Is Malta a country?

Is Malta a country?

Malta is a fascinating Mediterranean archipelago known for its rich history and stunning natural beauty. However, many people often wonder if Malta is a country in its own right or just a part of another nation. In this article, we will delve into the question of whether Malta is a country and provide a comprehensive answer backed by factual information and research. Join us as we explore the unique characteristics of Malta and shed light on its political status.

History of Malta

Ancient history

Malta has a rich and fascinating ancient history that dates back thousands of years. The island has been inhabited since around 5200 BC, with evidence of Neolithic settlements found across the archipelago. The early inhabitants of Malta were skilled farmers and builders, as seen in the impressive megalithic temples that still stand today. These temples, such as the famous Ggantija Temples on the island of Gozo, are some of the oldest freestanding structures in the world.

Medieval period

During the medieval period, Malta experienced a series of conquests and changes in rulership. In 870 AD, the Arabs captured Malta and introduced Islamic culture and influence to the island. However, their rule was short-lived, as the Normans took control of Malta in 1091. The Normans left their mark on the island through the construction of magnificent cathedrals and fortresses.

In 1530, the Knights of St. John were granted the island of Malta by Emperor Charles V of Spain. The Knights transformed Malta into a formidable fortress and played a crucial role in defending Europe against Ottoman invasions. The Great Siege of Malta in 1565 is a significant event in Malta’s medieval history, as the Knights successfully repelled the Ottoman forces after a months-long siege.

Modern history

Malta’s modern history is characterized by a succession of foreign dominations and the island’s struggle for independence. In 1800, Malta became a British protectorate and remained under British rule for the next 164 years. During World War II, Malta played a vital role as a strategic naval base and endured intense bombardment by Axis powers. The bravery and resilience of the Maltese people earned the island the George Cross, a prestigious British award for collective gallantry.

Malta finally gained independence from Britain in 1964 and became a sovereign nation within the British Commonwealth. In 1974, Malta became a republic and severed its ties with the British monarchy. Since then, Malta has experienced significant economic growth and development, becoming a member of the European Union in 2004.

Throughout its history, Malta has faced numerous challenges and undergone various transformations. Today, it stands as a proud and independent country with a unique blend of ancient traditions and modern progress.

Geography of Malta


Malta is a small archipelago located in the central Mediterranean Sea. Situated south of Italy, it lies approximately 80 kilometers south of Sicily and about 284 kilometers east of Tunisia. Despite its small size, Malta has a strategic location that has shaped its history and made it a hub for trade and cultural exchange.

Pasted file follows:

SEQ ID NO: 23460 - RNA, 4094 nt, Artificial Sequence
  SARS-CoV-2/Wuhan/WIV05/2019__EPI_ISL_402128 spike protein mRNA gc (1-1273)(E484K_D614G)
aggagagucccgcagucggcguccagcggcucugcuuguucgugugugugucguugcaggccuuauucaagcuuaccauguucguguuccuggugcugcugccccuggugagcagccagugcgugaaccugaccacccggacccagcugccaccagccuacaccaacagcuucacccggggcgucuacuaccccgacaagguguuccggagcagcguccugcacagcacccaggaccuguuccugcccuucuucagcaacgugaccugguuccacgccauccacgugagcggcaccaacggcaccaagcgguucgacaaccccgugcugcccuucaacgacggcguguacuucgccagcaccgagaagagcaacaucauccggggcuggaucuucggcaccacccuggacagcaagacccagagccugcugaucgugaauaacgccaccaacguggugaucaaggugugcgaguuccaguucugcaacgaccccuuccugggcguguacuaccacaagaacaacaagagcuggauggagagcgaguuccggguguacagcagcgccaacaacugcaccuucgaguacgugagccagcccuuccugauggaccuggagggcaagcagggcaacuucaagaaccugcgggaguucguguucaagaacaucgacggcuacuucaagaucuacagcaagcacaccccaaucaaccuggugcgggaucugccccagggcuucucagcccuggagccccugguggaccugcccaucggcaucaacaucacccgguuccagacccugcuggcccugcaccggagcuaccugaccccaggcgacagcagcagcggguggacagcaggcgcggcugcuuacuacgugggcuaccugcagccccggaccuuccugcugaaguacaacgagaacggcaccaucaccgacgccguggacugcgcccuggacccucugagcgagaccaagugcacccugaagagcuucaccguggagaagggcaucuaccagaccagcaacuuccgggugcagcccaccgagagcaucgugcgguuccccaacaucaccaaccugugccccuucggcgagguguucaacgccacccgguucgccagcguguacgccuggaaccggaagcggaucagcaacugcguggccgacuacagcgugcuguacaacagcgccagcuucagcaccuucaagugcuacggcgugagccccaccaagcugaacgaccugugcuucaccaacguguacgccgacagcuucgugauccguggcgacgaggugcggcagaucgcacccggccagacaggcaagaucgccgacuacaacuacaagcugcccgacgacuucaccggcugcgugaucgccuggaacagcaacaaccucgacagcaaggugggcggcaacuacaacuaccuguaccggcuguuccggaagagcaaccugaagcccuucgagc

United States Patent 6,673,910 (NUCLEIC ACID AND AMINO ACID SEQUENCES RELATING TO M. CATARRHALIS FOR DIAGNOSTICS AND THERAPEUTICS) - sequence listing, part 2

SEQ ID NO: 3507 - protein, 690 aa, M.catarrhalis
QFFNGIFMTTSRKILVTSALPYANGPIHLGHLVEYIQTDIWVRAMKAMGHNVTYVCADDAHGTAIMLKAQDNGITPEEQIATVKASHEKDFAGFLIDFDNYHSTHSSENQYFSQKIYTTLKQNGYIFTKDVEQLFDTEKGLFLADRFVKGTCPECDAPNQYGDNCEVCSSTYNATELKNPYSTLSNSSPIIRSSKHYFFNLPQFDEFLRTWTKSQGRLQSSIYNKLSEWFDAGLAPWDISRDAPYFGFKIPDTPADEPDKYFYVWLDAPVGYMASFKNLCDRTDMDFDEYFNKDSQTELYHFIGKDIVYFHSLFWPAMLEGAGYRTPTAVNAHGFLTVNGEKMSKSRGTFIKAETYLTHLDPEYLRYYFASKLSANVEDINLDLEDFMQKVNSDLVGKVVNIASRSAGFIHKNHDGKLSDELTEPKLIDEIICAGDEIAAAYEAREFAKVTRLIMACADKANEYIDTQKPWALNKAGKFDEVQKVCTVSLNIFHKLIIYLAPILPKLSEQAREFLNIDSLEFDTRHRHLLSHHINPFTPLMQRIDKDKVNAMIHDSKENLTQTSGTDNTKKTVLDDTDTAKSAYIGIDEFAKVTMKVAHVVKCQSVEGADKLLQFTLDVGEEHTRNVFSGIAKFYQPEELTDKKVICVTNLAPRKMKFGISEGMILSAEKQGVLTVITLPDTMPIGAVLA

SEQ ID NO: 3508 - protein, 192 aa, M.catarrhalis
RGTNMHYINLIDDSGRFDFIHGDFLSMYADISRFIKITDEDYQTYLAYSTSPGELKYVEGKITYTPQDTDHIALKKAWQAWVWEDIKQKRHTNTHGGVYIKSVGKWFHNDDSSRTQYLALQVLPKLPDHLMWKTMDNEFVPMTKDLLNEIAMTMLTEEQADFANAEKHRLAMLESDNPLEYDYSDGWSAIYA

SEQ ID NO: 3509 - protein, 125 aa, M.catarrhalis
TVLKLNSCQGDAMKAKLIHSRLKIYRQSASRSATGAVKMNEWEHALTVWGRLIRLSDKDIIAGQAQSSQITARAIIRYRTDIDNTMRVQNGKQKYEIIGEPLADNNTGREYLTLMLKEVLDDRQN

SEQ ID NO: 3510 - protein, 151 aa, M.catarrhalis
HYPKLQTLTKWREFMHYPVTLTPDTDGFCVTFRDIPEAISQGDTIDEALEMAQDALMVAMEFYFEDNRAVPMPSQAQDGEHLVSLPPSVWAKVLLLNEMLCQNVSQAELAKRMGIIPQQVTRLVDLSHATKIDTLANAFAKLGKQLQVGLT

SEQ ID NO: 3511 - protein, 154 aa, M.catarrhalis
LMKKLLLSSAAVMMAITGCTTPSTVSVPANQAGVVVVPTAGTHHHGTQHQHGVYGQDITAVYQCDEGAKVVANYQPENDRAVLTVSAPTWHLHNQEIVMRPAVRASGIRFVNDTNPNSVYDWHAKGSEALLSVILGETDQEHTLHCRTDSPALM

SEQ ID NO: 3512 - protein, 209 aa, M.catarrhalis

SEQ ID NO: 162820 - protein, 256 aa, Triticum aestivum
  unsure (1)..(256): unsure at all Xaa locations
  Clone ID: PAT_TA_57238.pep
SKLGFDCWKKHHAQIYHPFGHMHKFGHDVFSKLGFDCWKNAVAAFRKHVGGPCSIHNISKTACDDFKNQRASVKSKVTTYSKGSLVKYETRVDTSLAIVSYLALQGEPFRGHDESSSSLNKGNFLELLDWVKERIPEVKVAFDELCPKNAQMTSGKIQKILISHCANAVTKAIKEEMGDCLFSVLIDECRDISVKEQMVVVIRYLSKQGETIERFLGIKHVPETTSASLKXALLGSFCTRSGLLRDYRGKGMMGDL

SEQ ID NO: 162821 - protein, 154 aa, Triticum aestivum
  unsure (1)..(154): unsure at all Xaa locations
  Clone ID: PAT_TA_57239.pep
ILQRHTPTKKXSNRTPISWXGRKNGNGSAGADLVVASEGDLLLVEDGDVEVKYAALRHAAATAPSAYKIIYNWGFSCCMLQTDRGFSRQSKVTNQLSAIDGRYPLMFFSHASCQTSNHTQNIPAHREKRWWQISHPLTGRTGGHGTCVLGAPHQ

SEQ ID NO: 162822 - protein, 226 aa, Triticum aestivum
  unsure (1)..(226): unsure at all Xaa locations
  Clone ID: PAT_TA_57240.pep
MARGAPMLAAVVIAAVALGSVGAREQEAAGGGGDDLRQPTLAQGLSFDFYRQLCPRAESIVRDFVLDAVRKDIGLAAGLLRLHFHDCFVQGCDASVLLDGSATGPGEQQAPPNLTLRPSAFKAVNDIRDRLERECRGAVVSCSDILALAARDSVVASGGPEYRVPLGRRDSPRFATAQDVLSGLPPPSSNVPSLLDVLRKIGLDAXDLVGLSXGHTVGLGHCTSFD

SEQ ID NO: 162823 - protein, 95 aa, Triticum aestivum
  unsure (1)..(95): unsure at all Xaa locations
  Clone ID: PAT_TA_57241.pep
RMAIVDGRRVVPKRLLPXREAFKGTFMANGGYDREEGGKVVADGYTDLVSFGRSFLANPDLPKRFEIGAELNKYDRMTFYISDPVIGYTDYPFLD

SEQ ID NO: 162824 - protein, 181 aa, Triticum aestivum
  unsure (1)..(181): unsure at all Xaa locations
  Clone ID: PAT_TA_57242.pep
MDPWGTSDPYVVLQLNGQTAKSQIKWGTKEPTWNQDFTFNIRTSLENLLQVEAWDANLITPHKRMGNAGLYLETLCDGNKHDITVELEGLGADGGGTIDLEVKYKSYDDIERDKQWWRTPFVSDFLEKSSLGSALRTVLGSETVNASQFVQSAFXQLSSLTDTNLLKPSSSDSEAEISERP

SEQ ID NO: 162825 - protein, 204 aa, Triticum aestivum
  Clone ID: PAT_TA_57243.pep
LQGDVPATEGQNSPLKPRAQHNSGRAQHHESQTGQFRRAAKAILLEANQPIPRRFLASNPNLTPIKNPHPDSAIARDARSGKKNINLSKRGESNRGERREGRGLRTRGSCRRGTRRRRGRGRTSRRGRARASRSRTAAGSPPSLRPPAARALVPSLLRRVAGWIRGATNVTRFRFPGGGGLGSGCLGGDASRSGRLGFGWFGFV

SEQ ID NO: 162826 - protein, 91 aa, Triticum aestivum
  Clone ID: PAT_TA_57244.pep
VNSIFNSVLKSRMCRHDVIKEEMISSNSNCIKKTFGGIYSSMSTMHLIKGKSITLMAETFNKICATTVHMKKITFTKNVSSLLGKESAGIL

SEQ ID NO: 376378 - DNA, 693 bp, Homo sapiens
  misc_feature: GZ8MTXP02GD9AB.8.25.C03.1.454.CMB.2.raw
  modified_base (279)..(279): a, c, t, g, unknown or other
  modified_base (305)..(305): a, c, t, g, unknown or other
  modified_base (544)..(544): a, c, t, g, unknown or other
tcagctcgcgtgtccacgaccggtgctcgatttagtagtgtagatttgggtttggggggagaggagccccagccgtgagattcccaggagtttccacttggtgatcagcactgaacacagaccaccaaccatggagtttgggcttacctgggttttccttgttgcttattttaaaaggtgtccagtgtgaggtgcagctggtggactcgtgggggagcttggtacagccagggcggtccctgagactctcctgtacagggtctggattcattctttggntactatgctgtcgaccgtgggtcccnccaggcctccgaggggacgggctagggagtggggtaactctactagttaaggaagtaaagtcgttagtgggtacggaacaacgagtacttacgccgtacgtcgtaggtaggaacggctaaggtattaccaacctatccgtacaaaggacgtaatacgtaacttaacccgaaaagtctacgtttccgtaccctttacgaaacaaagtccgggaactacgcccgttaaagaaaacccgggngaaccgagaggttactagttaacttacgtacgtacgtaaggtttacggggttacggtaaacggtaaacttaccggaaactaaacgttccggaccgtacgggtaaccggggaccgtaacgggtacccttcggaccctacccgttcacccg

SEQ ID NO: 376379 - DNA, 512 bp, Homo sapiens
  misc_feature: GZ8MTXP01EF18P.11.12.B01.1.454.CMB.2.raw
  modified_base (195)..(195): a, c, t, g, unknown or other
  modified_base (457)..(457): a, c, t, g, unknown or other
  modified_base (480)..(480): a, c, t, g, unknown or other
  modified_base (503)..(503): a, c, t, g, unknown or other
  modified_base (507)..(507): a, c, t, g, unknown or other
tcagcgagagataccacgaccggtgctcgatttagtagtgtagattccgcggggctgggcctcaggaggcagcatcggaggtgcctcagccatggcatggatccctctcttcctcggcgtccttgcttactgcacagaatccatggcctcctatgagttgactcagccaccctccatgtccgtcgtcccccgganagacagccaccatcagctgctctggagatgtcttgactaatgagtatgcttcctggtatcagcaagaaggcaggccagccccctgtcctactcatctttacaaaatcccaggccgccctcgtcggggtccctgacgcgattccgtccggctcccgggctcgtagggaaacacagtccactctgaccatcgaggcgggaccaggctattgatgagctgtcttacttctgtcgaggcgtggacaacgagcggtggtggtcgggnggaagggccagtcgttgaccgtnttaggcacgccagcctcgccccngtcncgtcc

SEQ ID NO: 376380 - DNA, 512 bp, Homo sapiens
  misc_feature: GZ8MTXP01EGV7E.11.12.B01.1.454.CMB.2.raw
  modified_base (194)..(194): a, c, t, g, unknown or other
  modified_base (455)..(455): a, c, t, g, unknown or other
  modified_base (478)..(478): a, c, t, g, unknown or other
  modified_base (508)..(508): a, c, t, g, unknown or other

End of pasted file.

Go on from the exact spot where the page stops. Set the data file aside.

Islands of Malta

The country of Malta consists of three main islands: Malta, Gozo, and Comino. Each island has its own unique characteristics and attractions. Malta, being the largest and most populous island, is home to the capital city Valletta and offers a vibrant mix of historical sites, bustling towns, and stunning coastal landscapes. Gozo, on the other hand, provides a more relaxed and rural atmosphere, featuring picturesque villages, scenic cliffs, and a slower pace of life. Comino, the smallest of the three islands, is known for its crystal-clear blue waters and the famous Blue Lagoon, making it a popular destination for snorkeling and diving enthusiasts.


Malta enjoys a Mediterranean climate, characterized by hot, dry summers and mild, wet winters. The island experiences long hours of sunshine throughout the year, with an average of 300 sunny days. Summers are typically hot and dry, with temperatures often exceeding 30 degrees Celsius (86 degrees Fahrenheit). Winters are generally mild, with temperatures rarely dropping below 10 degrees Celsius (50 degrees Fahrenheit). The pleasant climate of Malta makes it an appealing destination for tourists seeking sunshine and warmth.

In conclusion, Malta is indeed a country, and its geography plays a significant role in its identity. Situated in the central Mediterranean, the islands of Malta, Gozo, and Comino offer diverse landscapes and a pleasant climate that attract visitors from around the world. Whether it’s exploring historical sites, enjoying picturesque coastal views, or basking in the Mediterranean sun, Malta has much to offer to both locals and tourists alike.

Government and Politics


Malta has a long history of political stability and is governed by a written constitution. The current constitution was adopted in 1964 when Malta gained independence from British rule. The constitution establishes Malta as a democratic republic with a parliamentary system. It outlines the basic structure of the government and guarantees fundamental rights and freedoms to its citizens.

The constitution of Malta is known for its strong emphasis on the separation of powers. It divides the government into three branches: the executive, the legislative, and the judicial. This division ensures a system of checks and balances, preventing any one branch from becoming too powerful.

Political parties